CHRISTINE MORGAN, CEO NATIONAL MENTAL HEALTH COMMISSION, NATIONAL SUICIDE PREVENTION ADVISER TO THE PRIME MINISTER: Thank you, Prime Minister, thank you, Minister. I would just like to stress and to say, firstly, thank you to all of those who've contributed to collaborating with us to form what we wanted to be two things. One, we wanted a comprehensive package and, secondly, we wanted it to be compassionate because the one thing we know at the moment is that it's OK to not be OK. This is a really significant event that has touched not just one community but a whole range of different communities, different demographics, and we know that our mental health is an integral part of our humanity. It's almost impossible, I think, to go through this without some sort of impact. So we consulted broadly. We learned through our Beyond Bushfires which looked at what has happened after the Black Saturday fires, we looked at the WHO guidelines and we consulted.

There were three key things that we knew were important. One, that we provide what we call psychological first aid. That is the ability to be there and to actually help people deal with their immediate need for security and safety, to have strategies to cope, and to enable them to start to regain a sense of ability to control something. So through, as the Minister has said, the distress and counselling sessions which we're making available to people, that is there in the community straightaway, through PHN’s, through the Services Australia, or through the recovery centres. The second thing is the provide access to mental health services. That is something we needed to do above and beyond what is there for any Australian anyway. So the additional psychological therapy support services that are available on a Medicare-rebated basis and the 10 sessions that are available through the tele-health Medicare rebate, will mean where ever you are in Australia, even rural and remote areas, you can gain those extra services and the most important thing about those is you don't need a mental health plan. Whilst we encourage anybody who is affected to go to their GP, the GP is a fantastic first door, you can actually access those services by going to a psychologist yourself. So we call on any Australian who needs that, who has come from a bushfire-affected area to do it. The third and most important thing as the Minister has said, and we've heard this loud and clear, and we heard it again from Brendan and Vicki this morning, is enable and support communities to actually be able to respond and find solutions for their own members. We know that communities have an incredible ability to identify what they need. So rather than coming in over the top and superimposing services, make it an enabling thing.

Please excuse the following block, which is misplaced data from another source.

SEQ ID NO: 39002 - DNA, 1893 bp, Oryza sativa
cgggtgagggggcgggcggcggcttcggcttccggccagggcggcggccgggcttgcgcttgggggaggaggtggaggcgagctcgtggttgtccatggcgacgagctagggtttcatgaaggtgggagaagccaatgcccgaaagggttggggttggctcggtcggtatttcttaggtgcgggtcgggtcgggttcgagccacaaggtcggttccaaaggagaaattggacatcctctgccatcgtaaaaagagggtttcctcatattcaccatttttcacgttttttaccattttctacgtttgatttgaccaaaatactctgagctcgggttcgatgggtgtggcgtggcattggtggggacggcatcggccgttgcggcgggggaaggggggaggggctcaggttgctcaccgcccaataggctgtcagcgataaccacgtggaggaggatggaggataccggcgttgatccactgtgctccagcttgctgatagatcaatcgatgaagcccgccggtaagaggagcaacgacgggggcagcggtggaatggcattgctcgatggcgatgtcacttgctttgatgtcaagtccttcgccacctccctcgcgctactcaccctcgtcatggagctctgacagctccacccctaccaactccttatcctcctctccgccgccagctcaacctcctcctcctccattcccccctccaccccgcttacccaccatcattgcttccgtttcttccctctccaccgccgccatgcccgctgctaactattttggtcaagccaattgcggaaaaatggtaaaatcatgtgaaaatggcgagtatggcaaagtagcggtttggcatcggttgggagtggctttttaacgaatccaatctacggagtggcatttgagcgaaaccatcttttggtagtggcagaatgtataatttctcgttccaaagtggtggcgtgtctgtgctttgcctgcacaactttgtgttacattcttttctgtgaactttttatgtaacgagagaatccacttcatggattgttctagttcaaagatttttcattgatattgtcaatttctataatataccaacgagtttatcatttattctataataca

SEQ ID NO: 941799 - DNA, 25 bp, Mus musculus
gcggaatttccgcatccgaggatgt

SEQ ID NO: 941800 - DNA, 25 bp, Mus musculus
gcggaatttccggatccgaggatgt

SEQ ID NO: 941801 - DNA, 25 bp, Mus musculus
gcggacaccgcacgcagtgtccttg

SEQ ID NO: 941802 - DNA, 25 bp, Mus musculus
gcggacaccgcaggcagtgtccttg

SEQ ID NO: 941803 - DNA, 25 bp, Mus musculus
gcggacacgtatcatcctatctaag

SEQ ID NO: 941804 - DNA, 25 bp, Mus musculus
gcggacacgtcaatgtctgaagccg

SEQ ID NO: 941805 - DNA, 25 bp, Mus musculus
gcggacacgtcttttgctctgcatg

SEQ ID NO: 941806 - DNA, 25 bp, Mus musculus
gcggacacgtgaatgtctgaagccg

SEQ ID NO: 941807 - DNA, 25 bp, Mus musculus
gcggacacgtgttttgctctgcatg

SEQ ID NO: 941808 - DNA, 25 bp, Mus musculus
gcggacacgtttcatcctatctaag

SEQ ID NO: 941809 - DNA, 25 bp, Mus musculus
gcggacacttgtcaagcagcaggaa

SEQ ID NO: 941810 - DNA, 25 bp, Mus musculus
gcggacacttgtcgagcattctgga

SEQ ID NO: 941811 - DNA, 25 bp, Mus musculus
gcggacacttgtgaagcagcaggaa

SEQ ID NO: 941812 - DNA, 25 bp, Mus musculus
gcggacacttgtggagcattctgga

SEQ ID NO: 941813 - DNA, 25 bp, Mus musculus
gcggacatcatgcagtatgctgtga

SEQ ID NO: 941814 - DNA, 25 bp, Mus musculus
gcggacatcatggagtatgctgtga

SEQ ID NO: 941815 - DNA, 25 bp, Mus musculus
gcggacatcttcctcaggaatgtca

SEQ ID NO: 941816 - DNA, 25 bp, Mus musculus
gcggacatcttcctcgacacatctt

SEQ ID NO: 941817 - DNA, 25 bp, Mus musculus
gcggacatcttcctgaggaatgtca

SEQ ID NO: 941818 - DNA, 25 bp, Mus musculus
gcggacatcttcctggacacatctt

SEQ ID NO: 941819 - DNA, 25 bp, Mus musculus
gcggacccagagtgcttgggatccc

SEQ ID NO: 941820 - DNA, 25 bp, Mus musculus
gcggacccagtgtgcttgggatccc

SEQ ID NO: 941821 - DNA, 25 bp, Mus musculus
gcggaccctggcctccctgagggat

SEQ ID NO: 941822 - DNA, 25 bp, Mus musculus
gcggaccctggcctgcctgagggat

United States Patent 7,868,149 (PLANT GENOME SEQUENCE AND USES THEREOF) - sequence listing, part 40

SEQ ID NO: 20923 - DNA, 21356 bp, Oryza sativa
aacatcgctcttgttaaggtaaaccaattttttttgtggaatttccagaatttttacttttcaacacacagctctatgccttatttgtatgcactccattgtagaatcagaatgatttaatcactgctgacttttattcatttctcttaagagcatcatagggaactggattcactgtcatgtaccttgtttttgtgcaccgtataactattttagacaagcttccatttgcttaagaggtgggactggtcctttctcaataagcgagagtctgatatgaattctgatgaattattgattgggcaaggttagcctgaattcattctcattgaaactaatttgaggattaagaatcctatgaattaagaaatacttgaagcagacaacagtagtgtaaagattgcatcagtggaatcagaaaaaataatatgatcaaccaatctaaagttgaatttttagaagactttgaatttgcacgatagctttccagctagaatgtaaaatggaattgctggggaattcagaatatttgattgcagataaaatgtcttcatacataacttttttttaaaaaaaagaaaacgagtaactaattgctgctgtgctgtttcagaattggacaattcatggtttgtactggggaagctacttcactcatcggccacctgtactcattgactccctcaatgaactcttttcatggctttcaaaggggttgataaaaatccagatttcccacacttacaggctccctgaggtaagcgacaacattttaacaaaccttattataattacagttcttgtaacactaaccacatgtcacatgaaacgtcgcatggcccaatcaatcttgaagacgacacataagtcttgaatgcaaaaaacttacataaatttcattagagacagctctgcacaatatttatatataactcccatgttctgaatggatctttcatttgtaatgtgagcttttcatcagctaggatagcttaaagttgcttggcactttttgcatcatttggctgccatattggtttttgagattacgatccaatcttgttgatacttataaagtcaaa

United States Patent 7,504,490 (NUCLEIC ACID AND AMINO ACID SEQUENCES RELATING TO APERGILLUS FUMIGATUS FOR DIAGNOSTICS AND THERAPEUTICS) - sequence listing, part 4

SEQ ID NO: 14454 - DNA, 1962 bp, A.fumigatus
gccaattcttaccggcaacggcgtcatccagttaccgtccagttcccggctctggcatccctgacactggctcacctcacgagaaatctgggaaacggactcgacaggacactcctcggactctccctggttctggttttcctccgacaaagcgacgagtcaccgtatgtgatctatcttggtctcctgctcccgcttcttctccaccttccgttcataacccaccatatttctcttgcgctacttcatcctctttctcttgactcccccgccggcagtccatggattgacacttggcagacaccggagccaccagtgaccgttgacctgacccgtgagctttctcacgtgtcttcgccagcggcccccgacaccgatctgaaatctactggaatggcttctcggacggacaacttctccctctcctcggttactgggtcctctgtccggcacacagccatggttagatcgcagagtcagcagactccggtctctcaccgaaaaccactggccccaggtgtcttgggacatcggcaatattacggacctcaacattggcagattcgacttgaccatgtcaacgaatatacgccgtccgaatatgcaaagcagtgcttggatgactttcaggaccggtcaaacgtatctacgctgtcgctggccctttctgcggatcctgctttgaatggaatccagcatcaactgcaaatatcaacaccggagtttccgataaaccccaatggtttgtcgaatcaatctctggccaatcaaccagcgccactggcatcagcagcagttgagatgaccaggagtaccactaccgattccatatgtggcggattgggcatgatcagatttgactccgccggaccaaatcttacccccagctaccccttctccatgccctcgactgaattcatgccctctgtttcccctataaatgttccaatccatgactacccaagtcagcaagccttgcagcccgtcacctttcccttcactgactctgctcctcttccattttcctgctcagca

Part of the recovery, as Vicki said to us this morning, is that anything that anyone wants to do is a positive, so let them contribute. It was critical to us that the package actually focus in on what can communities do to try and find the answers themselves. So, in that compassionate approach and comprehensive approach, we've tried to ensure that we've opened every door. We've tried to ensure that any psychologist or other therapist in Australia can be accessed, whether it's through the public health services through the PHN’s etc, or whether it's through the rebated system that we have in our private health. We've opened the doors. We want people to come forward. We're enabling communities so that as the Minister and the Prime Minister has said, average Australians, every Australian, can reach out to their neighbours because they know best what it is that's needed. We just want to encourage everybody to say don't think that you just have to be strong and get through this. In fact, that would be unusual. This is about starting to find the conversations you can have with people because if we can work on our mental wellbeing, then we can best underpin every other aspect of recovery in Australia.

PRIME MINISTER: Thank you, Christine. So this is an initial and additional investment in these programs. As we've said throughout all of these recovery agency fund programs, if more is required, more will be provided. We are monitoring closely the take-up of these services and working closely with the states and territories to ensure they can continue to meet the mark that we’ve set. Happy to take questions.

JOURNALIST: Prime Minister, is there a particularly incident that stands out for you that puts a bit of colour around the trauma that people are going through, through these bushfires?